A Very, Merry Fitness
10 Holiday Gift Ideas For Exercise Enthusiasts
As 2020 draws to a close, more people than ever are working out in their basements, garages and living rooms. They’re living in athleisure clothing and choosing supplements that will improve their overall health. So, as you check each of your exercise-enthusiast friends and family members off your holiday gift list, why not feed these new, at-home, 2020 fitness and wellness habits that are sure to carry over into 2021? Here are 10 gift ideas to keep those fitness bells ringing.
A slam ball can be used in all the same ways as a traditional medicine ball, but it’s slightly more versatile because, as its name implies, you can slam it hard against the ground or throw it and it will stop dead rather than bounce away. Typically, slam balls are coated in heavy-duty rubber that is textured for grip and can cost anywhere from $20 to $100, depending on weight.
Nothing challenges your cardiovascular system like a jump rope, and nothing is more suited to an at-home cardio blast, because contrary to popular belief, you only need about 10 inches of free space above your head. Jumping rope can be used for HIIT-style workouts and endurance workouts alike, and will also improve coordination, agility, balance and muscle strength. The most basic model will run you about $6, with fancier speed ropes or ropes with weighted handles costing as much as $100.
You don’t need a fancy treadmill to get a great walking or running workout; you just need the motivation to open your door and step outside. And for those who are extra-ambitious, wearing a weight vest on a walk or run can burn more calories and build more muscle. Lighter varieties start at around $30, with the price increasing along with the weight. Adjustable options with sleeves to add and remove weights can run up to $300 and often include pockets for a cell phone, water bottle and headphones.
This innocent-looking piece of equipment costs less than $20, but be warned, it packs a punch. A full ab-wheel rollout from a standing position to an extended push-up position is as challenging as it gets, but beginners can start on their knees and still engage the abdominals and internal and external obliques for a killer, at-home core workout in mere minutes. It also works the shoulders and lats.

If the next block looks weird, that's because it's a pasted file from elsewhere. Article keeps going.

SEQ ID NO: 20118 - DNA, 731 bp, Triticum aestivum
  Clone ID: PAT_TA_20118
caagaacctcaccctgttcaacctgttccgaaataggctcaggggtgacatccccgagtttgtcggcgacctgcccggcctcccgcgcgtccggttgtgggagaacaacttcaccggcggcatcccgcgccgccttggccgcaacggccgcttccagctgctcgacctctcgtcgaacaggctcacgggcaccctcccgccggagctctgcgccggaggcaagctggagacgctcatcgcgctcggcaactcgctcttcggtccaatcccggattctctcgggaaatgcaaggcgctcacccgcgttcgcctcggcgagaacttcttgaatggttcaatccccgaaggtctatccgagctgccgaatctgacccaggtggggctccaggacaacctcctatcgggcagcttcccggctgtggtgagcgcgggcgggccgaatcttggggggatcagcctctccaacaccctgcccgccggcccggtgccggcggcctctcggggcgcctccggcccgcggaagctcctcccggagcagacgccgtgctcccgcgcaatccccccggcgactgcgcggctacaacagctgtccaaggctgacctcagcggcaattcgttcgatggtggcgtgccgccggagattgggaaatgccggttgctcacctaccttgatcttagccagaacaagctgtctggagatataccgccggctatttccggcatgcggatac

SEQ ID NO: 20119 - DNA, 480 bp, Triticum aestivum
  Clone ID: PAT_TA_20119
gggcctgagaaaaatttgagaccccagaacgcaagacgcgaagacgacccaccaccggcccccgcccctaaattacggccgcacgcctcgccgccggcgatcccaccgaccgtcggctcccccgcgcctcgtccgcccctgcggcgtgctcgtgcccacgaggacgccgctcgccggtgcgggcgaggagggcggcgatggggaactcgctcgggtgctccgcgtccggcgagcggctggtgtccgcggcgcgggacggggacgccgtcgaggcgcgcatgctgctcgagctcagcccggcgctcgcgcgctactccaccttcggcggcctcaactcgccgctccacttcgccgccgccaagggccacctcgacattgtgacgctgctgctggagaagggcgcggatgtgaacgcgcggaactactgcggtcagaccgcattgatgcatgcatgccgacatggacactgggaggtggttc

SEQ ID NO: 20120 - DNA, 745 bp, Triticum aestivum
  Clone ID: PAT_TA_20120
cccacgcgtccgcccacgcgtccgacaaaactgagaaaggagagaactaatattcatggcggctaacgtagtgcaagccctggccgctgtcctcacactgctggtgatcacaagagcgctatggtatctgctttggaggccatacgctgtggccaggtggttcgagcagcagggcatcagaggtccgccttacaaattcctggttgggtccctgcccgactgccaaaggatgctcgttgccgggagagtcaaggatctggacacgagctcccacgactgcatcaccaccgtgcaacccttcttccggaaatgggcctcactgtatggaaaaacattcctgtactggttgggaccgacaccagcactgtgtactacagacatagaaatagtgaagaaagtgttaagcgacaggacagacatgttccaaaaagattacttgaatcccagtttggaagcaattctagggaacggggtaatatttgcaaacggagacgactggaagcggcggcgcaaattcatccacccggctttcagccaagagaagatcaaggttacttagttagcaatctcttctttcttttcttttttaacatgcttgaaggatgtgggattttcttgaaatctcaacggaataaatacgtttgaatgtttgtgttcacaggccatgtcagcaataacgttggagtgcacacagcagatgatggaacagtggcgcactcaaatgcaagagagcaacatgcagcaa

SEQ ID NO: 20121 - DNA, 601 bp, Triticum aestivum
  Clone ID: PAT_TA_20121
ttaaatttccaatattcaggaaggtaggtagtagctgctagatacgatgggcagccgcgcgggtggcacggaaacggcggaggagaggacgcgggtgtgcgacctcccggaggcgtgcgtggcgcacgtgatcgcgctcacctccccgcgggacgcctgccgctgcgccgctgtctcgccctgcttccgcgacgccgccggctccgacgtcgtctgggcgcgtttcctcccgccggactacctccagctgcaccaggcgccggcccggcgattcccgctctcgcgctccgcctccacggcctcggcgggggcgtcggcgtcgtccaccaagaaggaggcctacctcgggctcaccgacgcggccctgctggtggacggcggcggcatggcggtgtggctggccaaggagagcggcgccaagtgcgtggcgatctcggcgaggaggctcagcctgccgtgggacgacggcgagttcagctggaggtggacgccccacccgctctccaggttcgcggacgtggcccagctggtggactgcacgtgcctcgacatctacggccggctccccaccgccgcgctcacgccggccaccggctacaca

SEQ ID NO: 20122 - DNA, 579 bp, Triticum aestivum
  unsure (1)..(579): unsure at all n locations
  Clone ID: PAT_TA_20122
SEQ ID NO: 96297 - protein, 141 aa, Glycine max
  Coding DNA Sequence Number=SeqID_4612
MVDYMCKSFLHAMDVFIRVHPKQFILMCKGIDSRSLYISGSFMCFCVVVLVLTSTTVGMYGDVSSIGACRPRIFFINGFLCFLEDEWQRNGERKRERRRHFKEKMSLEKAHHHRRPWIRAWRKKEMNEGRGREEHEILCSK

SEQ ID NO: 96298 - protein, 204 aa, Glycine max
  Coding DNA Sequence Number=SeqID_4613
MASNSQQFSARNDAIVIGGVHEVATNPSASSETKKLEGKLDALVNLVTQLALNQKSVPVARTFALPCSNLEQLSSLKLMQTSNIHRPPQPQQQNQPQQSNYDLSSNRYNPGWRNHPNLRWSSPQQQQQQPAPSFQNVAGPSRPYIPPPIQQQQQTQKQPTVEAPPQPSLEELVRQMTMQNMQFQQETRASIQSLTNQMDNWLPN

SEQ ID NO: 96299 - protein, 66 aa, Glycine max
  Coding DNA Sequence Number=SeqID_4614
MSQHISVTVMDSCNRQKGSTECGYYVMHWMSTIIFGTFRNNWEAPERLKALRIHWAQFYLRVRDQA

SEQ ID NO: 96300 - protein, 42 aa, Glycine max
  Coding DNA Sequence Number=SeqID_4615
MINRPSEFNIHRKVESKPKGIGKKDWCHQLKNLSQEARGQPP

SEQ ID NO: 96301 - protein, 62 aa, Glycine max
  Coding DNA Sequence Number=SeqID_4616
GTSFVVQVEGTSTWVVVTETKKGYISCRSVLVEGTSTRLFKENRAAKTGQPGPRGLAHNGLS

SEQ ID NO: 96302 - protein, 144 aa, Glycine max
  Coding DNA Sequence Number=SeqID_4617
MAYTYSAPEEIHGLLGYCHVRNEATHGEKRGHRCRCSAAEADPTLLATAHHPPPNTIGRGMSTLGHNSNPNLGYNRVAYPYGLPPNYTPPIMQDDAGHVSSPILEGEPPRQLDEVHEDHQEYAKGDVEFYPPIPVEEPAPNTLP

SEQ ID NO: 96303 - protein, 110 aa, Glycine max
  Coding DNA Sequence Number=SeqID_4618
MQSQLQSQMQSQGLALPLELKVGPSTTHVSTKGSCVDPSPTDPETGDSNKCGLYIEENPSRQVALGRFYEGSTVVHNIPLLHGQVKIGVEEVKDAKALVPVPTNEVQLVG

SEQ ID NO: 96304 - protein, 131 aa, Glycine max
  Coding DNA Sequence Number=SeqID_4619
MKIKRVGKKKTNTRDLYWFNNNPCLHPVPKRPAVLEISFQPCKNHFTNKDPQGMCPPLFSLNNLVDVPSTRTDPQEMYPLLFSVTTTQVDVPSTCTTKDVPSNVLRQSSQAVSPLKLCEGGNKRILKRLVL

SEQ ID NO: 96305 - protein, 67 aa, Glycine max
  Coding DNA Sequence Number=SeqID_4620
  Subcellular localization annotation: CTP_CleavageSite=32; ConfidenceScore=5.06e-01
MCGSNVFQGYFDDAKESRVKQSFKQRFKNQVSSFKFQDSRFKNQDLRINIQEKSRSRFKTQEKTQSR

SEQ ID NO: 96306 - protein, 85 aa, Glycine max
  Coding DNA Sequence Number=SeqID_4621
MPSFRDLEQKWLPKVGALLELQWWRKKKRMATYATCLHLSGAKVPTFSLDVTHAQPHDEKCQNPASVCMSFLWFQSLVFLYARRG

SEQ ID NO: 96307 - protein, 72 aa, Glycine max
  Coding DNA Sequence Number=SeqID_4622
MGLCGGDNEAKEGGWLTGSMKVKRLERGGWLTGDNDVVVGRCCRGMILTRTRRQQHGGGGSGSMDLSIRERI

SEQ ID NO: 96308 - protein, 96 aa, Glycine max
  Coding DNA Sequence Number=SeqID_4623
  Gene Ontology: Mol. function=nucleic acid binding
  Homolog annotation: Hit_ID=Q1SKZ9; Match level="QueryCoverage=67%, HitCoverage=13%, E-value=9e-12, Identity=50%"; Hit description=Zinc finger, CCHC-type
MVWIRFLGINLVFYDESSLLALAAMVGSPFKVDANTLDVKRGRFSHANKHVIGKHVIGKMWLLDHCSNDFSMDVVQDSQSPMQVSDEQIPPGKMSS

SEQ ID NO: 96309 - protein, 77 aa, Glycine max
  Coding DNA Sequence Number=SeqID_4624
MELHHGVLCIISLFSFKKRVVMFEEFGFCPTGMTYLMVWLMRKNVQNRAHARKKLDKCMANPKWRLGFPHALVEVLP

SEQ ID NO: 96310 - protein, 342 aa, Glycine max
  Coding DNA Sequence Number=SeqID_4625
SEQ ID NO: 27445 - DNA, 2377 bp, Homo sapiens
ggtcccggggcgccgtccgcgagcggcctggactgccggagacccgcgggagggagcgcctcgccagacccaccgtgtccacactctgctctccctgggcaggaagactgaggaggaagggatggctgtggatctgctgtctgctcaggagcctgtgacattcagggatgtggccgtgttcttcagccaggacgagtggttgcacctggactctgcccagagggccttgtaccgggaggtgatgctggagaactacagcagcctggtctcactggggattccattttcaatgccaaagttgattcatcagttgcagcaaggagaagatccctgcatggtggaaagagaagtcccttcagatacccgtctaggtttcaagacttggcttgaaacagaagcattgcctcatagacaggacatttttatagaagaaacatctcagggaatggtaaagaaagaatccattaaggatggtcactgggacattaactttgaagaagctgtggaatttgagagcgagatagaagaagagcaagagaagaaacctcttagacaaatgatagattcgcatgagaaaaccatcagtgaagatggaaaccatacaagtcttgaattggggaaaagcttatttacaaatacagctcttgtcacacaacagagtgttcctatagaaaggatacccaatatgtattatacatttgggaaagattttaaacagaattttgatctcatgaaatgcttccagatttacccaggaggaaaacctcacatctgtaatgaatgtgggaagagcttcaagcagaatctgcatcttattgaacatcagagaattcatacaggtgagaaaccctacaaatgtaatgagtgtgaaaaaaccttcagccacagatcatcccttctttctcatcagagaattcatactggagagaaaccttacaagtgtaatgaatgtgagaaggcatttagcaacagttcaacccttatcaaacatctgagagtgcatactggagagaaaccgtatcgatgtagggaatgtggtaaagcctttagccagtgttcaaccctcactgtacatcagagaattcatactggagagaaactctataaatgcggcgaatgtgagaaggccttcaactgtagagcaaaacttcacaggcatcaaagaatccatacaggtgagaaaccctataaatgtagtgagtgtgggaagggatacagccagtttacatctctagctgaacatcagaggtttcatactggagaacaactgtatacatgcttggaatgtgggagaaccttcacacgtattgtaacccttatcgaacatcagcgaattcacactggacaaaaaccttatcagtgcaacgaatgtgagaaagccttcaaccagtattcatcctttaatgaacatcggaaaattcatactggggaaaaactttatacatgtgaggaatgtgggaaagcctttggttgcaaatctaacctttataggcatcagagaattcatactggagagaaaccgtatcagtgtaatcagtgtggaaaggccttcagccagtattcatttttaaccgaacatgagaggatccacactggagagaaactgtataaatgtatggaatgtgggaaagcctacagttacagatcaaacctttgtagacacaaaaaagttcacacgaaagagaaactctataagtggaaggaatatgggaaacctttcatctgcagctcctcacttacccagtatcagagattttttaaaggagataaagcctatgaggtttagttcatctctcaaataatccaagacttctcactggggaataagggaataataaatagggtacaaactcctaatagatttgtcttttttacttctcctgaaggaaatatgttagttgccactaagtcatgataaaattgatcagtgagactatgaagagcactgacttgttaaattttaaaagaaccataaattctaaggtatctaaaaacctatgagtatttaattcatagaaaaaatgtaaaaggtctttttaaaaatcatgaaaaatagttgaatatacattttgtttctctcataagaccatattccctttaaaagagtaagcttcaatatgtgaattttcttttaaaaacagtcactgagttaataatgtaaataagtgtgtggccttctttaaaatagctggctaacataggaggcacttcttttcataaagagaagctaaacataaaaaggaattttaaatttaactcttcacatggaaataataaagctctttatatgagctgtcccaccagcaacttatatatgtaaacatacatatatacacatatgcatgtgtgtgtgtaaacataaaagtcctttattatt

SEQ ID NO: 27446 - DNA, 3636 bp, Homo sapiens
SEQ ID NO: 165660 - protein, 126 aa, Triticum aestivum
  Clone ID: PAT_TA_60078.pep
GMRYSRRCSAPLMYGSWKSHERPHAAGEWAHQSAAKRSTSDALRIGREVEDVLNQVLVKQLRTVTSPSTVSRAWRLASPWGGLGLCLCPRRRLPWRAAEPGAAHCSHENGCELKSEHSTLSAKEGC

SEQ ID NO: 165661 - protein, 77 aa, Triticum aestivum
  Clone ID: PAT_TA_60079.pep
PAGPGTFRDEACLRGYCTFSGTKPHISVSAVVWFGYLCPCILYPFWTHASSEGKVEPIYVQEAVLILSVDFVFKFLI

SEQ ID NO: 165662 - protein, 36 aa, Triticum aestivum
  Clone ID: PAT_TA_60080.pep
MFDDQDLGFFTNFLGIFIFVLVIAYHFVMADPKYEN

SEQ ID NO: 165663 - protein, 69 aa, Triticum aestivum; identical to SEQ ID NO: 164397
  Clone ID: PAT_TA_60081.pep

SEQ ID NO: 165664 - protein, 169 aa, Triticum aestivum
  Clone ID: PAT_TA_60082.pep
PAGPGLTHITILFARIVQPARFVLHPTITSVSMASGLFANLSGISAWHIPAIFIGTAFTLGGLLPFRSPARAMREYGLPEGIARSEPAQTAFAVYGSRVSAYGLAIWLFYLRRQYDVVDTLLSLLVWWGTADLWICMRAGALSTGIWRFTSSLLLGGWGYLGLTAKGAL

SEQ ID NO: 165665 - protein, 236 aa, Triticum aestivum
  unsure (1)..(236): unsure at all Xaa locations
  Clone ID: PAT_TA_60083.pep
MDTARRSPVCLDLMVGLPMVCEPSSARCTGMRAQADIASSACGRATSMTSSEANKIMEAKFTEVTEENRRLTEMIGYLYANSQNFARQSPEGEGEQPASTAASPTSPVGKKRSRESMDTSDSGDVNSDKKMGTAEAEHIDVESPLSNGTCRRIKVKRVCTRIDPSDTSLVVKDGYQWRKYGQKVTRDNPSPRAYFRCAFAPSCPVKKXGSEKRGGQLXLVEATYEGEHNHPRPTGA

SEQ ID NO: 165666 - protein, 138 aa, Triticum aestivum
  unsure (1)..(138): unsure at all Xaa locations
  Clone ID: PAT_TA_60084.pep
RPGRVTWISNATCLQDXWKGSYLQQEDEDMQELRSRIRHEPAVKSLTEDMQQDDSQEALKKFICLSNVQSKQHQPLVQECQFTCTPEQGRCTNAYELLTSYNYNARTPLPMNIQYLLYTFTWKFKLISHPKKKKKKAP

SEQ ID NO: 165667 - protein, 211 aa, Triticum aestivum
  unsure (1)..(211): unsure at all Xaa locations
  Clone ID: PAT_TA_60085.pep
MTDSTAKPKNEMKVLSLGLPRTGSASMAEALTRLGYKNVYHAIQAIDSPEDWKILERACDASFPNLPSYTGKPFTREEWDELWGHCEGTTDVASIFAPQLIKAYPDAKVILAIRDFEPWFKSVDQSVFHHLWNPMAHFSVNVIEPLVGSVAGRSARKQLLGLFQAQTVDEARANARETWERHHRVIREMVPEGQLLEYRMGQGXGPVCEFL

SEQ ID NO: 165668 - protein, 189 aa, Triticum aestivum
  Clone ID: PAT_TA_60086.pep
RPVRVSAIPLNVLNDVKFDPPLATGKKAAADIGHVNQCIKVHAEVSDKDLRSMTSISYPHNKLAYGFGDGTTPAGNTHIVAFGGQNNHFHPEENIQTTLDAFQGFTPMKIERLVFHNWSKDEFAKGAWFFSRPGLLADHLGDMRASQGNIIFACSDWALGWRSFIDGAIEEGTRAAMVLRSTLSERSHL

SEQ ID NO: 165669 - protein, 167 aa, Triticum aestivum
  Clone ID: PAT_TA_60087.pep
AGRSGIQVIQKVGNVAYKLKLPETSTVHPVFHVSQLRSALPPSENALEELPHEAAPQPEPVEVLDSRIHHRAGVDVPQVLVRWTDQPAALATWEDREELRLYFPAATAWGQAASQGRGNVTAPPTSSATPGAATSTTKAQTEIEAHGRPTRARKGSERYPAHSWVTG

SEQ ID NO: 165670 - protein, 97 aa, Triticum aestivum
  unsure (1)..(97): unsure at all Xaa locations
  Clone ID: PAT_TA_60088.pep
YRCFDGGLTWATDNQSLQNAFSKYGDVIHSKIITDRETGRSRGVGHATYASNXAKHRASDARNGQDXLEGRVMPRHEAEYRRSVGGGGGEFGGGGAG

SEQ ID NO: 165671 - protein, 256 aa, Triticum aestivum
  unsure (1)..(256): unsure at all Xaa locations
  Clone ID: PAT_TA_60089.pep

These colorful rubber rectangles are inordinately useful in every home gym, whether you’re actually practicing yoga or just using a mat to cushion the floor as you do burpees, or to protect your hardwoods from falling dumbbells or your knees from the asphalt of your driveway. Cheaper versions are under $20, and more expensive types, made of natural or recycled rubber, can run up to $100.
These dense foam cylinders are basically used as an at-home massage therapist to decrease muscle and joint pain, increase circulation, range of motion and flexibility and improve recovery from tough workouts. A standard foam roller costs under $10, while more high-tech, vibrating varieties are around $150, and many instructional videos can be found online.
A massage gun, which can run anywhere from around $65 to upwards of $400, provides a more targeted, less labor-intensive muscle release than a foam roller and can easily be used on all parts of the body. Additionally, it offers the benefit of percussive therapy, which accelerates warmup and recovery, reduces muscle soreness and stiffness, improves range of motion and flexibility and enhances muscle performance.
Body Fat Scale
For as little as $25 – and as much as $350 - you can monitor your weight, body mass index, body fat percentage, muscle mass, visceral fat and hydration level, and track your daily, weekly and monthly progress by syncing your scale to a smartphone app or your fitness watch. Most of these digital scales run on AAA batteries or on internal lithium batteries rechargeable by USB.
The most high-tech fitness watches that track advanced metrics like sleep, heart rate variability, respiration rate, calories burned and recovery cost upwards of $500, but a perfectly reliable model that tracks your heart rate and workouts via GPS can be had for around $50. For some people, the data is overwhelming. But the tech-heads on your list will find it motivates them to be more active.